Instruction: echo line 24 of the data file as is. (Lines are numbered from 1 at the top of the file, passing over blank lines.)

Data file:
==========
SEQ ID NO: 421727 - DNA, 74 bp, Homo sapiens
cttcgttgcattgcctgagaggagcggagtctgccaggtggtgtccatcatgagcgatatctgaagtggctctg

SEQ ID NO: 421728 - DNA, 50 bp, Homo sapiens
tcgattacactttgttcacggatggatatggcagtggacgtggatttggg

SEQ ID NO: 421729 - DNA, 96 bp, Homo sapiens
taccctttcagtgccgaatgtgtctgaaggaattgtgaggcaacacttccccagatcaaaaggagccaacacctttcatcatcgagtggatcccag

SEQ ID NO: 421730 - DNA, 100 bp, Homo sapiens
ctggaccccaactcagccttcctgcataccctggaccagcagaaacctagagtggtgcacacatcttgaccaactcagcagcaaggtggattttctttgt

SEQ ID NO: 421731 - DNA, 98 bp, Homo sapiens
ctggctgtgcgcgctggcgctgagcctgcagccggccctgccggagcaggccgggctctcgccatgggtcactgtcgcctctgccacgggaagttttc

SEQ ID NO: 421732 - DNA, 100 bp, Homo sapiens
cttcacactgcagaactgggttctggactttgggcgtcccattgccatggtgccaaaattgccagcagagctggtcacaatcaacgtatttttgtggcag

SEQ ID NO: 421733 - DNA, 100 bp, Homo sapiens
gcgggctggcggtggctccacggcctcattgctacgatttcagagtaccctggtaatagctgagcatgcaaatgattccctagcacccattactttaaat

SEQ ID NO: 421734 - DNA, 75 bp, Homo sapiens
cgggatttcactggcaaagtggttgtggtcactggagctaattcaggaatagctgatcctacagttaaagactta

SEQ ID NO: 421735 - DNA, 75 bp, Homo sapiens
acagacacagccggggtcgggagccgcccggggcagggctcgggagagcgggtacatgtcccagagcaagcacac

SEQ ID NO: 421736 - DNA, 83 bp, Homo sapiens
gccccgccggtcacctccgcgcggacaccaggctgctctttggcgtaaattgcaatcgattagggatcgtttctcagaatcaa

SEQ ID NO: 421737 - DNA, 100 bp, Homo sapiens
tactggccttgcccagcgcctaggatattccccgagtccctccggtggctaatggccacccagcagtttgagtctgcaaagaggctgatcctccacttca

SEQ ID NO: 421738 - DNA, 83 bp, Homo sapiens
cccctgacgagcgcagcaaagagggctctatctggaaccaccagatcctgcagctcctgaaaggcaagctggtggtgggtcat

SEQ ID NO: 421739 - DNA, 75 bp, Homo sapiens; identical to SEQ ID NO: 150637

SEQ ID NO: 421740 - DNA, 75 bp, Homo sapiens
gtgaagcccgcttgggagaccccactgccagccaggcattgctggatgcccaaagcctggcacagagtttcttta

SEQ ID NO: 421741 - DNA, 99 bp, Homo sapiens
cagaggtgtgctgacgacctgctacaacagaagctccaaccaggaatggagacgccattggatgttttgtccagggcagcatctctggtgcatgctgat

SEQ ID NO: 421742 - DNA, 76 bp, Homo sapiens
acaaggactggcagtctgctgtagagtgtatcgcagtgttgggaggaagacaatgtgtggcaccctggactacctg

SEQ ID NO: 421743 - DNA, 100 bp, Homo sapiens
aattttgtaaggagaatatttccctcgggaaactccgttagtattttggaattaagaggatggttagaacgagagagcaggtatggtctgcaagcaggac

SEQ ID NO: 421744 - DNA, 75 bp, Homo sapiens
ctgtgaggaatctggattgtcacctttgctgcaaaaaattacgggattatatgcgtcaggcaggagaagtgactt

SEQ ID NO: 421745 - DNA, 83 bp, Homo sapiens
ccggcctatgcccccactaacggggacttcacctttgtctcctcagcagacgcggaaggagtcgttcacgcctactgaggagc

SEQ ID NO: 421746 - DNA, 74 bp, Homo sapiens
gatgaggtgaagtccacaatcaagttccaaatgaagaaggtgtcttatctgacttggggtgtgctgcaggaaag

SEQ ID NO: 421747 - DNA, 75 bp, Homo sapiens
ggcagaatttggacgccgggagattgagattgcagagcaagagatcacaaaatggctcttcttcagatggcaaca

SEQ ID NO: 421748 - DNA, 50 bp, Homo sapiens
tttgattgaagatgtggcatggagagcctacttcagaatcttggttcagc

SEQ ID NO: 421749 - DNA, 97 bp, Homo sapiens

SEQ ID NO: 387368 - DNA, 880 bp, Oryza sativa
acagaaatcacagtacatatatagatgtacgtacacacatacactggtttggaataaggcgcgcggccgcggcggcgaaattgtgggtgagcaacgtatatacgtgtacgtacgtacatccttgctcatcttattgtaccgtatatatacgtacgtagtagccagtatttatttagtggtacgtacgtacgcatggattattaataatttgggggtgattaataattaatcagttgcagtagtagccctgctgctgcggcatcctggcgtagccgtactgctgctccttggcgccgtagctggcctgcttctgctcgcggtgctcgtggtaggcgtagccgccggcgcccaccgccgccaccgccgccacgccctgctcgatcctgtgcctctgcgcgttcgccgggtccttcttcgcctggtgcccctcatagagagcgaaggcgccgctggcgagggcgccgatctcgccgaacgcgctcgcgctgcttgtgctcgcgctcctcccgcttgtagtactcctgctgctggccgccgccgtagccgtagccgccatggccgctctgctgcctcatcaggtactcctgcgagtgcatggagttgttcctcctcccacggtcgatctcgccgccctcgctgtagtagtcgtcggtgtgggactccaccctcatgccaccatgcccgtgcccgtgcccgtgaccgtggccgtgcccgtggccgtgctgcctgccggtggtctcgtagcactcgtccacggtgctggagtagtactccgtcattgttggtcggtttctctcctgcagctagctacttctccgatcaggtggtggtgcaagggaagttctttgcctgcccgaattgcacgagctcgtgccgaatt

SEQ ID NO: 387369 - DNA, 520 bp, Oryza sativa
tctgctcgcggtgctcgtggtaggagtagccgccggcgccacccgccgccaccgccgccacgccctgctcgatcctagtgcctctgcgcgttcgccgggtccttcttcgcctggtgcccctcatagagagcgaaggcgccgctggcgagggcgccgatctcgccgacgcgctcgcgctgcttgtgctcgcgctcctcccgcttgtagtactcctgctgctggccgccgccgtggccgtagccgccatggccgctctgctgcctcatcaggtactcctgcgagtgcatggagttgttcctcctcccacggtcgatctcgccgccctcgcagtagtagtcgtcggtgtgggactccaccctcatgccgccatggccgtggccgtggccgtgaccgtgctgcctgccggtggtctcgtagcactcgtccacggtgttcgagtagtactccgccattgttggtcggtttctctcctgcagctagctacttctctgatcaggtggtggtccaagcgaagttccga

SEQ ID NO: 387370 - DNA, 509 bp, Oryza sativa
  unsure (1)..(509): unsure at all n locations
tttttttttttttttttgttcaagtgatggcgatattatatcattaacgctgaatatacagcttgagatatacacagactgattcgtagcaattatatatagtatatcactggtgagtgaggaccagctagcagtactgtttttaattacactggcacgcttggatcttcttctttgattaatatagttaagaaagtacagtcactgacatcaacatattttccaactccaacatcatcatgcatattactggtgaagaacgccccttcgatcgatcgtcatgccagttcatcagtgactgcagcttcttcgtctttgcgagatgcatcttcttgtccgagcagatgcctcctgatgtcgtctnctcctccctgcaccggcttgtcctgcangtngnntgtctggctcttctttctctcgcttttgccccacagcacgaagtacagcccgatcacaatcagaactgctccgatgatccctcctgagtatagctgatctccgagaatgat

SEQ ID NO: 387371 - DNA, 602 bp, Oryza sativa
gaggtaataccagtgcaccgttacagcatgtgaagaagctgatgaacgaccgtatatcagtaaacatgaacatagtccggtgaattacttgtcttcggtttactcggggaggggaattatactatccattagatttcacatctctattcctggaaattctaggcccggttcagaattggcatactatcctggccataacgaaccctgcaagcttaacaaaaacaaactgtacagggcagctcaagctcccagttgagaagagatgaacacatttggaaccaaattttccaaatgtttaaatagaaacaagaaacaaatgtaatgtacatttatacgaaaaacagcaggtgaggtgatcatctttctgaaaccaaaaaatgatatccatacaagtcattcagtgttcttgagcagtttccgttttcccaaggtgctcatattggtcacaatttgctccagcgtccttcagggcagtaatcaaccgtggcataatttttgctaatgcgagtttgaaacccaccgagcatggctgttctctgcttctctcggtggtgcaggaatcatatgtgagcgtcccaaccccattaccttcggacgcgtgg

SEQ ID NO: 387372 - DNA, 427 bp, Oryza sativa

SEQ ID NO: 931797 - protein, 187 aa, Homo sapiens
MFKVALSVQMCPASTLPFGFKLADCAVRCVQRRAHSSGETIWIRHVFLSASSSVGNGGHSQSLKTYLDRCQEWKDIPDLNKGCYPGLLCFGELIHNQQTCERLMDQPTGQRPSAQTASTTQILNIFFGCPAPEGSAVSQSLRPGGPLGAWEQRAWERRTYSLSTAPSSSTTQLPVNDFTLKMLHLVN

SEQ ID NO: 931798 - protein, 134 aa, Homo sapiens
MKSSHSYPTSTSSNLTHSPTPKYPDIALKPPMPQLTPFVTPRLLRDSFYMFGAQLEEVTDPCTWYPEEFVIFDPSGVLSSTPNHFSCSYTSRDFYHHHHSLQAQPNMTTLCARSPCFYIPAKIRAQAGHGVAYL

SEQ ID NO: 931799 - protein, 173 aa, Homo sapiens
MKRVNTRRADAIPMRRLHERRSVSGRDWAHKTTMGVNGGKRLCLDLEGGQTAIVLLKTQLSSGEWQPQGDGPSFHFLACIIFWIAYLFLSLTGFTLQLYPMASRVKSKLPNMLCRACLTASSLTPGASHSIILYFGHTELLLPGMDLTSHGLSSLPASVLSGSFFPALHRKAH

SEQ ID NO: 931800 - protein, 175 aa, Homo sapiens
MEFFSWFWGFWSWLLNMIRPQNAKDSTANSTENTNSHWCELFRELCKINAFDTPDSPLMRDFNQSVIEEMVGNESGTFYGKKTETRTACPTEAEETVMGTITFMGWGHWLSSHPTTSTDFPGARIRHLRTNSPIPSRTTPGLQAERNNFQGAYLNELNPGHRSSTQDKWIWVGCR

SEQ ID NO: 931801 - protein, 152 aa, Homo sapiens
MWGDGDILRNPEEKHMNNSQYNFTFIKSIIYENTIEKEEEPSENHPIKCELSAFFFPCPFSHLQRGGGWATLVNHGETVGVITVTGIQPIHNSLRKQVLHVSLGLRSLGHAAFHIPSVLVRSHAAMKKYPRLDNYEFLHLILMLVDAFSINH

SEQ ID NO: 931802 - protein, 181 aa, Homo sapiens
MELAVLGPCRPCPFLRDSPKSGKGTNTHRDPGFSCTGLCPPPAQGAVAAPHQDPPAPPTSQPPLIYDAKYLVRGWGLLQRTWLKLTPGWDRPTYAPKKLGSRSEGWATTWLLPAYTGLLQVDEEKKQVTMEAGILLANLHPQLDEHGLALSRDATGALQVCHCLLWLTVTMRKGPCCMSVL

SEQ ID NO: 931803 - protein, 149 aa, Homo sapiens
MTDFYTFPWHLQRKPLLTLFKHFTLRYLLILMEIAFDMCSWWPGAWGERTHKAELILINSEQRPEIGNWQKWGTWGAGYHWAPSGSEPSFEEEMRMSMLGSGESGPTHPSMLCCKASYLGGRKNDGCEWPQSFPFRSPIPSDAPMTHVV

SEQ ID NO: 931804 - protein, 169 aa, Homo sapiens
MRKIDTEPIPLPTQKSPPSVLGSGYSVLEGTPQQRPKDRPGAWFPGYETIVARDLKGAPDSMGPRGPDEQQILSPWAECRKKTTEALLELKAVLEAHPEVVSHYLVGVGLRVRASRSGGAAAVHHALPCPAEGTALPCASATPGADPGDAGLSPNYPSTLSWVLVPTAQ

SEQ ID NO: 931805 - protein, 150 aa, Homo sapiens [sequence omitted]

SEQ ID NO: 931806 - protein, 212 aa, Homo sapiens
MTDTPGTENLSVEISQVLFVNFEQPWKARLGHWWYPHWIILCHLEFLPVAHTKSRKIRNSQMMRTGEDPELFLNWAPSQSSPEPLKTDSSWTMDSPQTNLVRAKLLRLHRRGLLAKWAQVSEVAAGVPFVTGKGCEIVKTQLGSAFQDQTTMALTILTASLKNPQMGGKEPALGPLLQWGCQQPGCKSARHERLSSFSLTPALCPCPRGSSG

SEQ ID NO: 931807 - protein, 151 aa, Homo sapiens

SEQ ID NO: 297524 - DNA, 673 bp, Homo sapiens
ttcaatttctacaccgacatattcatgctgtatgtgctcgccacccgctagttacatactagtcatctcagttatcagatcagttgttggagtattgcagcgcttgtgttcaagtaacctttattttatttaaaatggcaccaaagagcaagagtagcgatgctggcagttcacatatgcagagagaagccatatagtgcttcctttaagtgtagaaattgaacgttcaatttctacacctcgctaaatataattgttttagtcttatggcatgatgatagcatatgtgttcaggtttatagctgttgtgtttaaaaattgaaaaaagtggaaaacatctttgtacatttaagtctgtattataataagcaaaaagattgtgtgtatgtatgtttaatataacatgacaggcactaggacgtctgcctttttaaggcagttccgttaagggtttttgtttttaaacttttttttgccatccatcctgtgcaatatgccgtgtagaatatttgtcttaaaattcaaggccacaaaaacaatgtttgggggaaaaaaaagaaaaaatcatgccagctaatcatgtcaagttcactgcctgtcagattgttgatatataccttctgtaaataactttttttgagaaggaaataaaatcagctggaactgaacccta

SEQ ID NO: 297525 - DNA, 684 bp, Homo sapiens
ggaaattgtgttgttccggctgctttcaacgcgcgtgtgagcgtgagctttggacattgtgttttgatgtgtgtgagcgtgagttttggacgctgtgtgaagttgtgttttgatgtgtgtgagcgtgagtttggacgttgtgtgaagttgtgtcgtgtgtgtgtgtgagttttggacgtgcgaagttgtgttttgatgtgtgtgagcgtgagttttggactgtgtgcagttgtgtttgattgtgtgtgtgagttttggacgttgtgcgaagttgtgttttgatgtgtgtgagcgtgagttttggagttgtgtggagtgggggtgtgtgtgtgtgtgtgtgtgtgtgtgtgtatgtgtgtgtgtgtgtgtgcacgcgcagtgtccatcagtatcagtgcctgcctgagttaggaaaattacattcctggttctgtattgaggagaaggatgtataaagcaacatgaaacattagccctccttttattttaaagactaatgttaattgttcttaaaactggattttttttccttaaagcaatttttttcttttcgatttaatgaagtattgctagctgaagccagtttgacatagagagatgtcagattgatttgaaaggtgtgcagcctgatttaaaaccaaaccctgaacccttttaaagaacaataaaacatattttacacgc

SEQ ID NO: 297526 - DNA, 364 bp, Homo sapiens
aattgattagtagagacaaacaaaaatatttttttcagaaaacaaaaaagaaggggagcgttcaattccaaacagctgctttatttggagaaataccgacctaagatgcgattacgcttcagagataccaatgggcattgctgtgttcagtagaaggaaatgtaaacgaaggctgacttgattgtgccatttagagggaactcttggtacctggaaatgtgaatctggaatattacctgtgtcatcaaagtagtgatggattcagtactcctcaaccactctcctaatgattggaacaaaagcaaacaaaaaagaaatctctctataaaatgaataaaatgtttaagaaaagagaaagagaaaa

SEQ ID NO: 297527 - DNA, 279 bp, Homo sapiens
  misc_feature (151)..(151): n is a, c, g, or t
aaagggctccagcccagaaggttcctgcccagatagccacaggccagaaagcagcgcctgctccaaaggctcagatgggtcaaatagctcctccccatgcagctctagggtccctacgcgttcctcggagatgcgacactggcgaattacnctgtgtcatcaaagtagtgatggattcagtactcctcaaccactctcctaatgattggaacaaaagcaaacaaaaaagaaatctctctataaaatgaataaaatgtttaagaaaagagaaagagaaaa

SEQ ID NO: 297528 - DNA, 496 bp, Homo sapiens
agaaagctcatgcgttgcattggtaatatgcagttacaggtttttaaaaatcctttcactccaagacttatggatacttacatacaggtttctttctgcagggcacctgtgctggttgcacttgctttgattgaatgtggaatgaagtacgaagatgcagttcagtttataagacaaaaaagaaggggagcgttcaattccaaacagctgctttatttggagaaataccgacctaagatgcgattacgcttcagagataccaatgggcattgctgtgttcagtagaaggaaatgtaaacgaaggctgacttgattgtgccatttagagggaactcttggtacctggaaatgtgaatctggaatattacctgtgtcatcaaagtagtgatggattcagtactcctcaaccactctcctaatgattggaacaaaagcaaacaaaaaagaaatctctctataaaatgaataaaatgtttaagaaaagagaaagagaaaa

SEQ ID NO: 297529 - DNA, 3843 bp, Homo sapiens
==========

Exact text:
cccctgacgagcgcagcaaagagggctctatctggaaccaccagatcctgcagctcctgaaaggcaagctggtggtgggtcat